A former Commonwealth Secretary General, Chief Emeka Anyaoku, has revealed the last thing ex-military dictator, Sani Abacha told him on phone before he died.
Anyaoku said the late Head of State had informed him that he loved Nigeria dearly and was ready to lay his life down for the country.
He spoke on Sunday at an exposition series tagged, “God in my life,” organised by the Touchbearer Society of the Archbishop Vining Memorial Church Cathedral, Ikeja, Lagos.
According to him, the fact that former President Olusegun Obasanjo escaped being killed by the late Abacha, was a testimony of God’s grace in his life.
Anyaoku said, “There have not been many people who were saved from the jaws of death as our distinguished speaker (Obasanjo). And as he rightly acknowledged, he was saved by the grace of God.
“I happened to be in a position, where I was one of those very concerned at the time about his fate. I believe, your Excellency, that the first sentence that (the late Gen. Sani) Abacha’s so-called military tribunal passed on you was death. And Abacha commuted it only after he was visited by two heads of state that I had joined in appealing to, to come and see Abacha. They were the President of Zimbabwe, Robert Mugabe and the President of Uganda, Yoweri Museveni .
Former Commonwealth Secretary General, Chief Emeka Anyaoku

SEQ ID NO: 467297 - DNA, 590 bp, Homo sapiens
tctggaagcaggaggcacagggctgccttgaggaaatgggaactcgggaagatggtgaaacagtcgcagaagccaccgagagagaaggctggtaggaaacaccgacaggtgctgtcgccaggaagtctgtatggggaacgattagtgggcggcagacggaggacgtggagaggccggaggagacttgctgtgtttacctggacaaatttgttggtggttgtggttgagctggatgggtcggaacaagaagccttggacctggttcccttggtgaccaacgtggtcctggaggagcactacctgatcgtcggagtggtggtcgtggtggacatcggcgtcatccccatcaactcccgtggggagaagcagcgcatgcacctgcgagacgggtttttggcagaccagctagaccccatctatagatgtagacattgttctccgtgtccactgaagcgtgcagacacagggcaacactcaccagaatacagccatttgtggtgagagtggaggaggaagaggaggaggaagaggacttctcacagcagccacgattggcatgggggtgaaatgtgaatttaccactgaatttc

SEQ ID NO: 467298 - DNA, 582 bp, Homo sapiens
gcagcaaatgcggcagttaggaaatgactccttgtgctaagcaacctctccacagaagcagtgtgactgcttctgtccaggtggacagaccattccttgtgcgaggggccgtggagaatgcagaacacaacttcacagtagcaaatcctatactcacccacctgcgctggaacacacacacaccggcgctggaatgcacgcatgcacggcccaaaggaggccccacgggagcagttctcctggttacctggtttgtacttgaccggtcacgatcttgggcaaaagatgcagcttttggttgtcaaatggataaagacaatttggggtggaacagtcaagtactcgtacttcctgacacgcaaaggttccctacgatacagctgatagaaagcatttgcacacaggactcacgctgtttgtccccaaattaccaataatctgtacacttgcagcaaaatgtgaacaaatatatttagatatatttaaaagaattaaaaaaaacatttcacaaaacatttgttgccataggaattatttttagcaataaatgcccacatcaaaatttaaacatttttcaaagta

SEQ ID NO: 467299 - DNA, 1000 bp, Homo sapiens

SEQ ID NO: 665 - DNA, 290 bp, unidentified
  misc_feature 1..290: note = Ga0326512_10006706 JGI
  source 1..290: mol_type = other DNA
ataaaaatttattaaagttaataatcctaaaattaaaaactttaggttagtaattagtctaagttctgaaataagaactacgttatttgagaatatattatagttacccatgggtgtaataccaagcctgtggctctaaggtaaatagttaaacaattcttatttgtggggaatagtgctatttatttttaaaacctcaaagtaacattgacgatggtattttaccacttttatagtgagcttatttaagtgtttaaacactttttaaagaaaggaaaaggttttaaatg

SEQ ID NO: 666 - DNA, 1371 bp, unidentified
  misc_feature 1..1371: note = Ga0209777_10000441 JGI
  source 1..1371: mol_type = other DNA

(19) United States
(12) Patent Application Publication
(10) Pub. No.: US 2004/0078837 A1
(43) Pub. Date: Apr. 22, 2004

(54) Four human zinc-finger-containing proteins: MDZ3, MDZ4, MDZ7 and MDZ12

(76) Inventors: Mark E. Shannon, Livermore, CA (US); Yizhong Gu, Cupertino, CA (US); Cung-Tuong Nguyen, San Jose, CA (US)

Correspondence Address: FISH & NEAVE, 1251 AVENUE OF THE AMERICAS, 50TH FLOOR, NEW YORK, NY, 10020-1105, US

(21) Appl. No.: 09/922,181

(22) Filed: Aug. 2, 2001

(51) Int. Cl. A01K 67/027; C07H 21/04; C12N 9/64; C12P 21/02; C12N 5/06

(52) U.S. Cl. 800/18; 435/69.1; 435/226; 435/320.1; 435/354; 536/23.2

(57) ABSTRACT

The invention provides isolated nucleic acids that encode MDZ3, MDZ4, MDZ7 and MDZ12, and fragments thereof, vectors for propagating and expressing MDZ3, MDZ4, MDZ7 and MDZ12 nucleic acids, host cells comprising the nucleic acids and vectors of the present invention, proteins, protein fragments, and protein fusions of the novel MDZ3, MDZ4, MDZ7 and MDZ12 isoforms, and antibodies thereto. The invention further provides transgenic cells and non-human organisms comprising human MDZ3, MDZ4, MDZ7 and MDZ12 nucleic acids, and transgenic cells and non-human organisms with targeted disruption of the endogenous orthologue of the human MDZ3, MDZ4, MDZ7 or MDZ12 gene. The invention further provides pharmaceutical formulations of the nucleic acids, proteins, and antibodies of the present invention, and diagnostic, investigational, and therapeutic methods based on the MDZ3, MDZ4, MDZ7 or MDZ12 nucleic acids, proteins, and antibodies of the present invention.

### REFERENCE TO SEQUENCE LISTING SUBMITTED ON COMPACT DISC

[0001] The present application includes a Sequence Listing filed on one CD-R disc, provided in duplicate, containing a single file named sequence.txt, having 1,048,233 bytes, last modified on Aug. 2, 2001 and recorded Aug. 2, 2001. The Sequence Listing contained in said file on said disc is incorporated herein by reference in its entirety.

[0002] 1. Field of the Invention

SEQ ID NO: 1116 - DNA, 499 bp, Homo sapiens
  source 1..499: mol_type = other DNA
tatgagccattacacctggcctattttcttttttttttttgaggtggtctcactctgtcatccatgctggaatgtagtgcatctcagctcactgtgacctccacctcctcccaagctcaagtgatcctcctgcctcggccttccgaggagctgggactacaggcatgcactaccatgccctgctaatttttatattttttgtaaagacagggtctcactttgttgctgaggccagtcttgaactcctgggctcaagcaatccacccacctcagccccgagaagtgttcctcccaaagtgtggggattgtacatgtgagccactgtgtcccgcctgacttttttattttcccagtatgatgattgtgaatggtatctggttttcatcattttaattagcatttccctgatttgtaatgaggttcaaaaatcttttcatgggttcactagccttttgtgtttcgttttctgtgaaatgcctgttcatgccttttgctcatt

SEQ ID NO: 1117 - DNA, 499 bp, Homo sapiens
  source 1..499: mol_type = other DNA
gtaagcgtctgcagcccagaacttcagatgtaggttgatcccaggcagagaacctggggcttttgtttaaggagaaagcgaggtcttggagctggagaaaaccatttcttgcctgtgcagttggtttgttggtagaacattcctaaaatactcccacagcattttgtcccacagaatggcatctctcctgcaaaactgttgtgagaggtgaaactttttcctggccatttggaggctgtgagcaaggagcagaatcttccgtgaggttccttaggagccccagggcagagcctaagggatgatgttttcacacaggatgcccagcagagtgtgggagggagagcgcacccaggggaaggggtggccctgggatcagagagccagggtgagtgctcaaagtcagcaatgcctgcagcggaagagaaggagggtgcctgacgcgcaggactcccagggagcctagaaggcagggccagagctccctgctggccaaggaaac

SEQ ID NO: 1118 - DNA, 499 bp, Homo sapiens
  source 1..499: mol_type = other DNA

“Before then, I had persuaded Mr. Nelson Mandela to send his Deputy President, Thabo Mbeki. Thabo Mbeki came and spent about three hours with Abacha, returned home and Nelson Mandela called me to say that the mission had not succeeded. But it was not until these two presidents came and spent three hours and 15 minutes with Abacha, and when they left Nigeria and returned to their countries, one of them then phoned me to say that all that Abacha showed them was a video, alleging that our very distinguished speaker was part of a phantom coup. But these presidents said to me that there was no evidence.
“I must say my last telephone conversation with Gen. Abacha was the day he detained you (Obasanjo). I called him to say that that act in itself was the greatest disservice to our country. And Gen. Abacha said to me, ‘Your Excellency, but you know I love this country and I am prepared to die for this country.’
“And I said, rather jokingly, to him, ‘Your Excellency, you know that I am older than you, I have loved the country longer than you have.’ He then said, ‘We’ll, if I can’t convince you, there’s no point anymore in this telephone conversation.’ And then he dropped the telephone.
“That was my last conversation with Gen. Abacha. But I can tell you that the release of our honourable speaker of today gave the whole world immense pleasure. Because at one time, no less than 60 heads of state including a former American President wrote a letter to Gen. Abacha, calling for his release.”